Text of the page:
So, confusion all around! :confused:
     
  12. Jun 11, 2017 #9

    haruspex

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    You were interpreting it as r in spherical coordinates. If not as a volume integral then it must be a linear integral in some arbitrary but unspecified direction, and δ must be defined in terms of line integrals in that direction. In that case, it is a semi-infinite line and r0 could be negative, making the result zero.
     
  13. Jun 11, 2017 #10

    rude man

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    If a semi-infinite line then a negative r0 is not defined.
     
  14. Jun 11, 2017 #11

    haruspex

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    The integral range is a semi-infinite line. Just like x from 0 to ∞ in Cartesian.
     
  15. Jun 11, 2017 #12

    rude man

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    Right. So there are no negative numbers, by definition.
     
  16. Jun 11, 2017 #13

    haruspex

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    Eh? There are no negative values of r in the range, but there is nothing to stop r0 being negative.
     
  17. Jun 11, 2017 #14

    rude man

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    r0 must be in the range of r which in turn is in the range 0 to ∞, hence r0 cannot be <0.
     
  18. Jun 11, 2017 #15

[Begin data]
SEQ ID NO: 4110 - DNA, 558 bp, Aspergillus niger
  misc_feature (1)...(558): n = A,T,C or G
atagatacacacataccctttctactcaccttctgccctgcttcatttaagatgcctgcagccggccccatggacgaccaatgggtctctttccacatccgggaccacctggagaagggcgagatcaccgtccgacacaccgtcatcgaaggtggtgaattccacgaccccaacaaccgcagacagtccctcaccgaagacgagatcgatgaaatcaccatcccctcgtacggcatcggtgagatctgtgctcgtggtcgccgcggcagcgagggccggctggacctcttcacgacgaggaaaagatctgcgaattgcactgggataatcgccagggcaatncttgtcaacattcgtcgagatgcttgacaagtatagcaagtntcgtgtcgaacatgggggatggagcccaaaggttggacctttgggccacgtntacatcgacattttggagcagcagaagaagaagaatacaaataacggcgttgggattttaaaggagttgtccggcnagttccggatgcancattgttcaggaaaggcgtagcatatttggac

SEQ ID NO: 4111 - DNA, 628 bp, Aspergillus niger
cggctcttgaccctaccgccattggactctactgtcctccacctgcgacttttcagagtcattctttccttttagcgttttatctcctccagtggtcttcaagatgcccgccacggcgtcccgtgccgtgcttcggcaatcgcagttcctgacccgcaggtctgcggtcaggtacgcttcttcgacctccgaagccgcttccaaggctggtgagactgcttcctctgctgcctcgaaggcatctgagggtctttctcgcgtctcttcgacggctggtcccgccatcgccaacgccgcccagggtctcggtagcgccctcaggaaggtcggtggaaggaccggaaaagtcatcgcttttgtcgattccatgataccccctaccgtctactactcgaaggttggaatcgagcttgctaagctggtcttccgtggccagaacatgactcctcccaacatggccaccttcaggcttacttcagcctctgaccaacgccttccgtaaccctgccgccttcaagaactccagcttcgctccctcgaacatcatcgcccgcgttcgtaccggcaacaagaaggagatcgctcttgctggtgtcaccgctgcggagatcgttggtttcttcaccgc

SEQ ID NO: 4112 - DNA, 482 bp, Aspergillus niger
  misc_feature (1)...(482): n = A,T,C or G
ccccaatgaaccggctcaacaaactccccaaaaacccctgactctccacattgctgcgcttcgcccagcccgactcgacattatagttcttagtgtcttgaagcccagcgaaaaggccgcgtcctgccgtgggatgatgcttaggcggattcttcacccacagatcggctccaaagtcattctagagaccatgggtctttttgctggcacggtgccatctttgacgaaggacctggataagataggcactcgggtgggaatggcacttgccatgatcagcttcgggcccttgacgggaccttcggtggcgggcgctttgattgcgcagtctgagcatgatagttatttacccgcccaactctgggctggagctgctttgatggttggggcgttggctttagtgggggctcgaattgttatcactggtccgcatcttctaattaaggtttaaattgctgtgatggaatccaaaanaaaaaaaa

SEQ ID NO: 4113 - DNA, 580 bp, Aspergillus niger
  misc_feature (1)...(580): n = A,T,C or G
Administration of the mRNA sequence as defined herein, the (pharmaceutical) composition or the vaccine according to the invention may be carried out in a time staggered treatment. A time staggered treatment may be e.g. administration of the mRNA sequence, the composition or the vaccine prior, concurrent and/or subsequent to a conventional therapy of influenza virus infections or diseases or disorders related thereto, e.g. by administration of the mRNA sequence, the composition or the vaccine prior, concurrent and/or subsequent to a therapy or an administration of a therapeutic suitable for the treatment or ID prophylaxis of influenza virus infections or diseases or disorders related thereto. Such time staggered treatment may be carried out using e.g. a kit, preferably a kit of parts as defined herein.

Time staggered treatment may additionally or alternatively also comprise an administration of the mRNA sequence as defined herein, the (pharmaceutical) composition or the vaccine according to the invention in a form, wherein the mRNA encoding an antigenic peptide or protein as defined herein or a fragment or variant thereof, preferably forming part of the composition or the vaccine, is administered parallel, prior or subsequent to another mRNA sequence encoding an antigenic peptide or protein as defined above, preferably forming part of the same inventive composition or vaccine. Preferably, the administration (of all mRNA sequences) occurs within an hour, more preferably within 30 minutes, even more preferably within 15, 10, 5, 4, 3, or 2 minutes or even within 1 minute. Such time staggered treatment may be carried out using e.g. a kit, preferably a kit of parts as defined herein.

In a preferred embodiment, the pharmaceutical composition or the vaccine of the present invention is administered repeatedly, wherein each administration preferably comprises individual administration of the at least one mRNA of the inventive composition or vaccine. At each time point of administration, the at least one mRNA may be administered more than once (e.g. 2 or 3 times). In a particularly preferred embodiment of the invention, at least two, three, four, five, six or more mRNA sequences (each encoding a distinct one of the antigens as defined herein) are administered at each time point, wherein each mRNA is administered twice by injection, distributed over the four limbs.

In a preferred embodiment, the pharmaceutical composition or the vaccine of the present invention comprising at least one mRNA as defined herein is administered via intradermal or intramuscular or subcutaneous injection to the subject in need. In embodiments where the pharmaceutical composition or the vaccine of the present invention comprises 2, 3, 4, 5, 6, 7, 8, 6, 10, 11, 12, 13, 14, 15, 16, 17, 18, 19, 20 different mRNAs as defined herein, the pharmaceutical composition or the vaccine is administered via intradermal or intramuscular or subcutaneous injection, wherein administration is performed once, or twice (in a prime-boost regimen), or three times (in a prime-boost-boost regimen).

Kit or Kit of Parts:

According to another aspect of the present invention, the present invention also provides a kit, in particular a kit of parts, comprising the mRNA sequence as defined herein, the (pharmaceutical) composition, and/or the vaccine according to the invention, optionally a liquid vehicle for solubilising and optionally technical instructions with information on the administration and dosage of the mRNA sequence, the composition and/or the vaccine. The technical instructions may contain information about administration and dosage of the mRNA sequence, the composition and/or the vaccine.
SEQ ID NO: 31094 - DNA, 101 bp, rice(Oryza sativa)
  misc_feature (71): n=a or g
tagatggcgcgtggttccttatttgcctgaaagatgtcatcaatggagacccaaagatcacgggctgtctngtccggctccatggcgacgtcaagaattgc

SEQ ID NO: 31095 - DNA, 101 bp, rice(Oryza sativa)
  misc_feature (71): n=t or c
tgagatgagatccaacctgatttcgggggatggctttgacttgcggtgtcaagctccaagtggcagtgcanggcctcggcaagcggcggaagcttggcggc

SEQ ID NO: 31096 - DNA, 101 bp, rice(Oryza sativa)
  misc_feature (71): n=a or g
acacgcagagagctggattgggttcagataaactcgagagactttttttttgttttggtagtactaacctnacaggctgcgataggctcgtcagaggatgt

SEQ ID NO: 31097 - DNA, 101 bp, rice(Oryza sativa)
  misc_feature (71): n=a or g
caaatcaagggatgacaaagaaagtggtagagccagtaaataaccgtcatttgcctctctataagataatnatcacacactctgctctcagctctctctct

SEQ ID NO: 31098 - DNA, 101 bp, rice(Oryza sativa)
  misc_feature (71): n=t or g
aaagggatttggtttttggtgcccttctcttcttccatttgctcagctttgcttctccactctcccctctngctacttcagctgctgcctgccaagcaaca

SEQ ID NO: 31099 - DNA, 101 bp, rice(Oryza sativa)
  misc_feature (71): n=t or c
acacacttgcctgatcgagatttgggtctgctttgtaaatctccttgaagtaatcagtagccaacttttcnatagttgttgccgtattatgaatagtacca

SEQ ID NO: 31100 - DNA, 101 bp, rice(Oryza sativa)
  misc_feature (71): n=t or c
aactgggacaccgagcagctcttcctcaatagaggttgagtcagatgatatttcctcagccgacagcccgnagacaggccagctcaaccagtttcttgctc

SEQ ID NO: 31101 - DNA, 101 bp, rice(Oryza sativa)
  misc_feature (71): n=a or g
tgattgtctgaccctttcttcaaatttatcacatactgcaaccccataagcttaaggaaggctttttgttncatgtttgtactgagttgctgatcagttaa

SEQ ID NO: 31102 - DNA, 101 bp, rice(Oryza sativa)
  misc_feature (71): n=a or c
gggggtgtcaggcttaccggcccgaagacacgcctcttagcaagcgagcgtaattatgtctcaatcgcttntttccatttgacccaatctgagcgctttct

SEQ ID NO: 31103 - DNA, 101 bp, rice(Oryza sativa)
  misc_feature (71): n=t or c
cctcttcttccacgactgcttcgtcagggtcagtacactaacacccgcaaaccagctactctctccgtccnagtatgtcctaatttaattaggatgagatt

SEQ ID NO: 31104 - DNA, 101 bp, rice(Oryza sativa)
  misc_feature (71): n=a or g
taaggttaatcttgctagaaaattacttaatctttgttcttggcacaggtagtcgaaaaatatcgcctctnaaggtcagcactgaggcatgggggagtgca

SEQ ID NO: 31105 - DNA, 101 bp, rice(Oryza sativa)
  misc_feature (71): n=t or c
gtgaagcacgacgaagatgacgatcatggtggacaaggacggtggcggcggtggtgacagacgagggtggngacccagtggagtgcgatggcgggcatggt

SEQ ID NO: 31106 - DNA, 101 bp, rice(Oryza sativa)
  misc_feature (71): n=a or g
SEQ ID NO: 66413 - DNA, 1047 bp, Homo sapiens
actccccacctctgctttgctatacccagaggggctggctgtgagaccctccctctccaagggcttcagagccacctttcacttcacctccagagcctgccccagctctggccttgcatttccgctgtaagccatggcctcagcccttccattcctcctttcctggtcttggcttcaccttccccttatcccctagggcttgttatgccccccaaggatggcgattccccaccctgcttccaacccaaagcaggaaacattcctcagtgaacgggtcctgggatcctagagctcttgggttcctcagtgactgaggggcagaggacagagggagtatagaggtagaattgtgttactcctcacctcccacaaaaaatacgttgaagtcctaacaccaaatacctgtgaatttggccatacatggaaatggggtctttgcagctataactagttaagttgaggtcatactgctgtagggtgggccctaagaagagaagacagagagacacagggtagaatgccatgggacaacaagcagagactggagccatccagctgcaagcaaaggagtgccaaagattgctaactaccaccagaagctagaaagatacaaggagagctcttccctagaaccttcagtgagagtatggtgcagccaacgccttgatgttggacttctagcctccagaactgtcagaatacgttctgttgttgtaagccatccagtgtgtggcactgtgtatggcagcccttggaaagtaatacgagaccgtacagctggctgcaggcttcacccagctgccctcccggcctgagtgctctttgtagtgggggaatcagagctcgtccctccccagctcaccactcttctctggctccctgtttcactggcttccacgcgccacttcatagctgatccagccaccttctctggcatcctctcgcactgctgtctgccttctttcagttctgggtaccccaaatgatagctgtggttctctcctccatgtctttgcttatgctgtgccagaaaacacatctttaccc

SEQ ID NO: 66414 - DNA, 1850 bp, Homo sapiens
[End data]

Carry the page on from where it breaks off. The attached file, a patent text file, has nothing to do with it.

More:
haruspex

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    I guess it depends on your view of the conventions.
    By convention, we represent points in the plane or 3-space in polars using only non-negative values of r, but that is merely a canonical form. In the same way, we pick ranges for the angles. But in plane (r, θ) coordinates I would say the point (-1, 0) exists, and it is the same as the points (1, π) and (1, 3π).
    Anyway, the whole discussion is academic. We need to know what the question intends. It makes no sense to me as it stands.
     
  19. Jun 11, 2017 #16

    rude man

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    Agreed.
     
  20. Jun 11, 2017 #17

    rude man

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    Don't agree. Different rules in Australia? :smile:
     
  21. Jun 13, 2017 #18
    Sorry for being late in replying,
    Thank you all for the replies,
    I asked this question because I thought that the rules for calculating integration in spherical coordinates are different but I was wrong.
    The above steps are correct by the definition of δ- function (Only if ##\theta_0 and \Phi_0## lie within the limits specified in the integrals).
     
  22. Jun 13, 2017 #19

    rude man

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    There is actually a small issue here still:
    Consider: f(x)δ(x - a)dx = f(a)/2 if a is either the upper or lower limit of integration. I.e. not f(a).
    So δ(r - r0)dr with limits of integration 0 and ∞ = 1/2 if r0 = 0.
     
  23. Jun 13, 2017 #20
    How do we get it?
    In Cartesian Coordinates system, if a is either lower or upper limit ,we can easily change the limit such that a is neither lower nor upper limit as the integrand is 0 for x>a or x<a because of δ - function.

    But in spherical coordinates , I can't do it for r=0 as a lower limit.
    So, is the result valid only for r=0 as a lower limit spherical or cylindrical systems?